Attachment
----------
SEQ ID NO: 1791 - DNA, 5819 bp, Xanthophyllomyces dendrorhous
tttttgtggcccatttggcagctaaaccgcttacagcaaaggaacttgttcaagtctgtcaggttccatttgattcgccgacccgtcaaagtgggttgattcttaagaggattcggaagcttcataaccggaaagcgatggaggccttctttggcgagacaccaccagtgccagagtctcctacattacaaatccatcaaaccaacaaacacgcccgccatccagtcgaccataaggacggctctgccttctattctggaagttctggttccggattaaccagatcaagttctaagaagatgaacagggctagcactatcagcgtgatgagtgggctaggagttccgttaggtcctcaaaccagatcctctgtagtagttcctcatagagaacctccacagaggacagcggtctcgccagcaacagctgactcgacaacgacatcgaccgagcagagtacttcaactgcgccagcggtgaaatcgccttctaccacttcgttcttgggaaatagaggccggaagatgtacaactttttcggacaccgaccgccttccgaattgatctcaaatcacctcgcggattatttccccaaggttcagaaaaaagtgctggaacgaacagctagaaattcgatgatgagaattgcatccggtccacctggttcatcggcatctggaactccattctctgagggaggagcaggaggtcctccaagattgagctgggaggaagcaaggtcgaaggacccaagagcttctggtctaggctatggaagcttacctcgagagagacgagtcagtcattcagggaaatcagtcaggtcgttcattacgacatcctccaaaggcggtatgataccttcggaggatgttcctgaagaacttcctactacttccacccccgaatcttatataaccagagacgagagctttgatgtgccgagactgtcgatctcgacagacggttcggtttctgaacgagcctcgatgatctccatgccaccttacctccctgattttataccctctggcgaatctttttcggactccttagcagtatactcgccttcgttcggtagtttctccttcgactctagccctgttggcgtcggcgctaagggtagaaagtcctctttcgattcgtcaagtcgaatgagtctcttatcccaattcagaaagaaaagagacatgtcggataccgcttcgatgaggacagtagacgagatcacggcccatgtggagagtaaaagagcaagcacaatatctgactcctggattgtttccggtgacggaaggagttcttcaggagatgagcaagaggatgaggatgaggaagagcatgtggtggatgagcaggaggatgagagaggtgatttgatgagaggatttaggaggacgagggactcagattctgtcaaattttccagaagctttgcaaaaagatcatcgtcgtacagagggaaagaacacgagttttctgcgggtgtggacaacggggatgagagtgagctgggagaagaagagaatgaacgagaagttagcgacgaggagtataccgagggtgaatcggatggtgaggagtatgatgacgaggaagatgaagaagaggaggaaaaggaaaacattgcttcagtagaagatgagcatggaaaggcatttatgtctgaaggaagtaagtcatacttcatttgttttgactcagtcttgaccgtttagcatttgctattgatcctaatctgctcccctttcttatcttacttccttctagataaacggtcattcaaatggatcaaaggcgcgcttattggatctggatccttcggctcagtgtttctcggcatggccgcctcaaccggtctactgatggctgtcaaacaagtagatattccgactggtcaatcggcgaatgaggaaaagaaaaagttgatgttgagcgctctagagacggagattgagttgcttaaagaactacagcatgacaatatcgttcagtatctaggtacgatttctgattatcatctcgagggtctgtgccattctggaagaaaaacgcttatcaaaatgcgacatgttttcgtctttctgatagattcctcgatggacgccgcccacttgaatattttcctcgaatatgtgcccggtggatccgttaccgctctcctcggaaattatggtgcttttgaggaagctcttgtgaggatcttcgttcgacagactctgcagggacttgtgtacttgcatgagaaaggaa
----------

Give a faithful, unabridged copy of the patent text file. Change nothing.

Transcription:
SEQ ID NO: 1791 - DNA, 5819 bp, Xanthophyllomyces dendrorhous
tttttgtggcccatttggcagctaaaccgcttacagcaaaggaacttgttcaagtctgtcaggttccatttgattcgccgacccgtcaaagtgggttgattcttaagaggattcggaagcttcataaccggaaagcgatggaggccttctttggcgagacaccaccagtgccagagtctcctacattacaaatccatcaaaccaacaaacacgcccgccatccagtcgaccataaggacggctctgccttctattctggaagttctggttccggattaaccagatcaagttctaagaagatgaacagggctagcactatcagcgtgatgagtgggctaggagttccgttaggtcctcaaaccagatcctctgtagtagttcctcatagagaacctccacagaggacagcggtctcgccagcaacagctgactcgacaacgacatcgaccgagcagagtacttcaactgcgccagcggtgaaatcgccttctaccacttcgttcttgggaaatagaggccggaagatgtacaactttttcggacaccgaccgccttccgaattgatctcaaatcacctcgcggattatttccccaaggttcagaaaaaagtgctggaacgaacagctagaaattcgatgatgagaattgcatccggtccacctggttcatcggcatctggaactccattctctgagggaggagcaggaggtcctccaagattgagctgggaggaagcaaggtcgaaggacccaagagcttctggtctaggctatggaagcttacctcgagagagacgagtcagtcattcagggaaatcagtcaggtcgttcattacgacatcctccaaaggcggtatgataccttcggaggatgttcctgaagaacttcctactacttccacccccgaatcttatataaccagagacgagagctttgatgtgccgagactgtcgatctcgacagacggttcggtttctgaacgagcctcgatgatctccatgccaccttacctccctgattttataccctctggcgaatctttttcggactccttagcagtatactcgccttcgttcggtagtttctccttcgactctagccctgttggcgtcggcgctaagggtagaaagtcctctttcgattcgtcaagtcgaatgagtctcttatcccaattcagaaagaaaagagacatgtcggataccgcttcgatgaggacagtagacgagatcacggcccatgtggagagtaaaagagcaagcacaatatctgactcctggattgtttccggtgacggaaggagttcttcaggagatgagcaagaggatgaggatgaggaagagcatgtggtggatgagcaggaggatgagagaggtgatttgatgagaggatttaggaggacgagggactcagattctgtcaaattttccagaagctttgcaaaaagatcatcgtcgtacagagggaaagaacacgagttttctgcgggtgtggacaacggggatgagagtgagctgggagaagaagagaatgaacgagaagttagcgacgaggagtataccgagggtgaatcggatggtgaggagtatgatgacgaggaagatgaagaagaggaggaaaaggaaaacattgcttcagtagaagatgagcatggaaaggcatttatgtctgaaggaagtaagtcatacttcatttgttttgactcagtcttgaccgtttagcatttgctattgatcctaatctgctcccctttcttatcttacttccttctagataaacggtcattcaaatggatcaaaggcgcgcttattggatctggatccttcggctcagtgtttctcggcatggccgcctcaaccggtctactgatggctgtcaaacaagtagatattccgactggtcaatcggcgaatgaggaaaagaaaaagttgatgttgagcgctctagagacggagattgagttgcttaaagaactacagcatgacaatatcgttcagtatctaggtacgatttctgattatcatctcgagggtctgtgccattctggaagaaaaacgcttatcaaaatgcgacatgttttcgtctttctgatagattcctcgatggacgccgcccacttgaatattttcctcgaatatgtgcccggtggatccgttaccgctctcctcggaaattatggtgcttttgaggaagctcttgtgaggatcttcgttcgacagactctgcagggacttgtgtacttgcatgagaaaggaa